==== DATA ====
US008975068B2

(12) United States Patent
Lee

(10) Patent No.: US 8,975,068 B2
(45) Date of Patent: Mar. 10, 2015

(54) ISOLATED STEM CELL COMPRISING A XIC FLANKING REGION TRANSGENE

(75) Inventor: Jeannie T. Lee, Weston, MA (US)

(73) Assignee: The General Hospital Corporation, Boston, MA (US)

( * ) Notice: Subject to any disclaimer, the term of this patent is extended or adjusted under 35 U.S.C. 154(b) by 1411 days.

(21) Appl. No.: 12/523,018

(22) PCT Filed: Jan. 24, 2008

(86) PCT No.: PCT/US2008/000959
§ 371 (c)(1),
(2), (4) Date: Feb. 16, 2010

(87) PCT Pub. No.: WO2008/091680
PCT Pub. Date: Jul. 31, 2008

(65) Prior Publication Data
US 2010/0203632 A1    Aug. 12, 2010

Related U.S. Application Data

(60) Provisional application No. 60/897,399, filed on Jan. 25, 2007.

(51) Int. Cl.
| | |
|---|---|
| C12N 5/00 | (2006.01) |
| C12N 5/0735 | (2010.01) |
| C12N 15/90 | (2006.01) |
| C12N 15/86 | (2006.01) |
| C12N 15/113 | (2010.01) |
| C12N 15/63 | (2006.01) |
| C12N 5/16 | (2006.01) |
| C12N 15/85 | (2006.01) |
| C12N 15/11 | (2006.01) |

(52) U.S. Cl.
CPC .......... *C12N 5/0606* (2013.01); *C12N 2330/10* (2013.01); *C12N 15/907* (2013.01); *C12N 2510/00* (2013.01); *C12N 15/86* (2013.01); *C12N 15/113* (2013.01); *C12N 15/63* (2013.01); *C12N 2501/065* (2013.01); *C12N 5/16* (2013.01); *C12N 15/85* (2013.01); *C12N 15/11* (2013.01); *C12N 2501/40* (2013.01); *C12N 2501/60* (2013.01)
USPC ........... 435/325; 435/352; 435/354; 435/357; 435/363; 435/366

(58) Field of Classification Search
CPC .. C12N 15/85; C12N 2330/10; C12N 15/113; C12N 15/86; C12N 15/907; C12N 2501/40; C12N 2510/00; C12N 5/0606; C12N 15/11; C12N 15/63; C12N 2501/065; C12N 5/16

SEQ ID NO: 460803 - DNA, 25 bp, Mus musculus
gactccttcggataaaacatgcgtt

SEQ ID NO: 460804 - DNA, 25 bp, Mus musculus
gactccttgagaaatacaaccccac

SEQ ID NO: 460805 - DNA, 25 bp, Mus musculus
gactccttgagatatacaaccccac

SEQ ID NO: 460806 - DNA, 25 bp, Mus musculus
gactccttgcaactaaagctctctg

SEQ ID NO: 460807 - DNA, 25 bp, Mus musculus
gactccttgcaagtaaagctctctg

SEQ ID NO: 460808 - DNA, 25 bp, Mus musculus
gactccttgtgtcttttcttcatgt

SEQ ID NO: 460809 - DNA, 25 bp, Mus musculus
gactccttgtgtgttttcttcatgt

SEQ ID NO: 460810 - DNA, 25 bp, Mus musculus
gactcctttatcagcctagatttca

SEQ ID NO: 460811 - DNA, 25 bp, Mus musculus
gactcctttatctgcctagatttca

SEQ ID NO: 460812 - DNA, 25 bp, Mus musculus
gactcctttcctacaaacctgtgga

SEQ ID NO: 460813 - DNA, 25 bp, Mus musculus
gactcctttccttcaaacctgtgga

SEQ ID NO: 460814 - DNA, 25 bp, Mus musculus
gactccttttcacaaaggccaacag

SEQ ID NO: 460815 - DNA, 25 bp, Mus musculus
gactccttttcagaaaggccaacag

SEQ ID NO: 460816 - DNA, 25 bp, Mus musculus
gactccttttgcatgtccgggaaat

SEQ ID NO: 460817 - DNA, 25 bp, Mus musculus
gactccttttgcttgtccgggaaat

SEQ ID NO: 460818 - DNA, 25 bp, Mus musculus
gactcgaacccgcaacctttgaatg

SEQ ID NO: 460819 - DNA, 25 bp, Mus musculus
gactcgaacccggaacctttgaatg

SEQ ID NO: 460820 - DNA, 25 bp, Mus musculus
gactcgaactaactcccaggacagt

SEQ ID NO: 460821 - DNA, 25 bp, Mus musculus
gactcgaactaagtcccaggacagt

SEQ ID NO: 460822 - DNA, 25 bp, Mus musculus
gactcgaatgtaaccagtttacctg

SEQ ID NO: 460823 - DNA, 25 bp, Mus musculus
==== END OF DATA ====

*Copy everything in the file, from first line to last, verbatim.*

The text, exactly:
US008975068B2

(12) United States Patent
Lee

(10) Patent No.: US 8,975,068 B2
(45) Date of Patent: Mar. 10, 2015

(54) ISOLATED STEM CELL COMPRISING A XIC FLANKING REGION TRANSGENE

(75) Inventor: Jeannie T. Lee, Weston, MA (US)

(73) Assignee: The General Hospital Corporation, Boston, MA (US)

( * ) Notice: Subject to any disclaimer, the term of this patent is extended or adjusted under 35 U.S.C. 154(b) by 1411 days.

(21) Appl. No.: 12/523,018

(22) PCT Filed: Jan. 24, 2008

(86) PCT No.: PCT/US2008/000959
§ 371 (c)(1),
(2), (4) Date: Feb. 16, 2010

(87) PCT Pub. No.: WO2008/091680
PCT Pub. Date: Jul. 31, 2008

(65) Prior Publication Data
US 2010/0203632 A1    Aug. 12, 2010

Related U.S. Application Data

(60) Provisional application No. 60/897,399, filed on Jan. 25, 2007.

(51) Int. Cl.
| | |
|---|---|
| C12N 5/00 | (2006.01) |
| C12N 5/0735 | (2010.01) |
| C12N 15/90 | (2006.01) |
| C12N 15/86 | (2006.01) |
| C12N 15/113 | (2010.01) |
| C12N 15/63 | (2006.01) |
| C12N 5/16 | (2006.01) |
| C12N 15/85 | (2006.01) |
| C12N 15/11 | (2006.01) |

(52) U.S. Cl.
CPC .......... *C12N 5/0606* (2013.01); *C12N 2330/10* (2013.01); *C12N 15/907* (2013.01); *C12N 2510/00* (2013.01); *C12N 15/86* (2013.01); *C12N 15/113* (2013.01); *C12N 15/63* (2013.01); *C12N 2501/065* (2013.01); *C12N 5/16* (2013.01); *C12N 15/85* (2013.01); *C12N 15/11* (2013.01); *C12N 2501/40* (2013.01); *C12N 2501/60* (2013.01)
USPC ........... 435/325; 435/352; 435/354; 435/357; 435/363; 435/366

(58) Field of Classification Search
CPC .. C12N 15/85; C12N 2330/10; C12N 15/113; C12N 15/86; C12N 15/907; C12N 2501/40; C12N 2510/00; C12N 5/0606; C12N 15/11; C12N 15/63; C12N 2501/065; C12N 5/16

SEQ ID NO: 460803 - DNA, 25 bp, Mus musculus
gactccttcggataaaacatgcgtt

SEQ ID NO: 460804 - DNA, 25 bp, Mus musculus
gactccttgagaaatacaaccccac

SEQ ID NO: 460805 - DNA, 25 bp, Mus musculus
gactccttgagatatacaaccccac

SEQ ID NO: 460806 - DNA, 25 bp, Mus musculus
gactccttgcaactaaagctctctg

SEQ ID NO: 460807 - DNA, 25 bp, Mus musculus
gactccttgcaagtaaagctctctg

SEQ ID NO: 460808 - DNA, 25 bp, Mus musculus
gactccttgtgtcttttcttcatgt

SEQ ID NO: 460809 - DNA, 25 bp, Mus musculus
gactccttgtgtgttttcttcatgt

SEQ ID NO: 460810 - DNA, 25 bp, Mus musculus
gactcctttatcagcctagatttca

SEQ ID NO: 460811 - DNA, 25 bp, Mus musculus
gactcctttatctgcctagatttca

SEQ ID NO: 460812 - DNA, 25 bp, Mus musculus
gactcctttcctacaaacctgtgga

SEQ ID NO: 460813 - DNA, 25 bp, Mus musculus
gactcctttccttcaaacctgtgga

SEQ ID NO: 460814 - DNA, 25 bp, Mus musculus
gactccttttcacaaaggccaacag

SEQ ID NO: 460815 - DNA, 25 bp, Mus musculus
gactccttttcagaaaggccaacag

SEQ ID NO: 460816 - DNA, 25 bp, Mus musculus
gactccttttgcatgtccgggaaat

SEQ ID NO: 460817 - DNA, 25 bp, Mus musculus
gactccttttgcttgtccgggaaat

SEQ ID NO: 460818 - DNA, 25 bp, Mus musculus
gactcgaacccgcaacctttgaatg

SEQ ID NO: 460819 - DNA, 25 bp, Mus musculus
gactcgaacccggaacctttgaatg

SEQ ID NO: 460820 - DNA, 25 bp, Mus musculus
gactcgaactaactcccaggacagt

SEQ ID NO: 460821 - DNA, 25 bp, Mus musculus
gactcgaactaagtcccaggacagt

SEQ ID NO: 460822 - DNA, 25 bp, Mus musculus
gactcgaatgtaaccagtttacctg

SEQ ID NO: 460823 - DNA, 25 bp, Mus musculus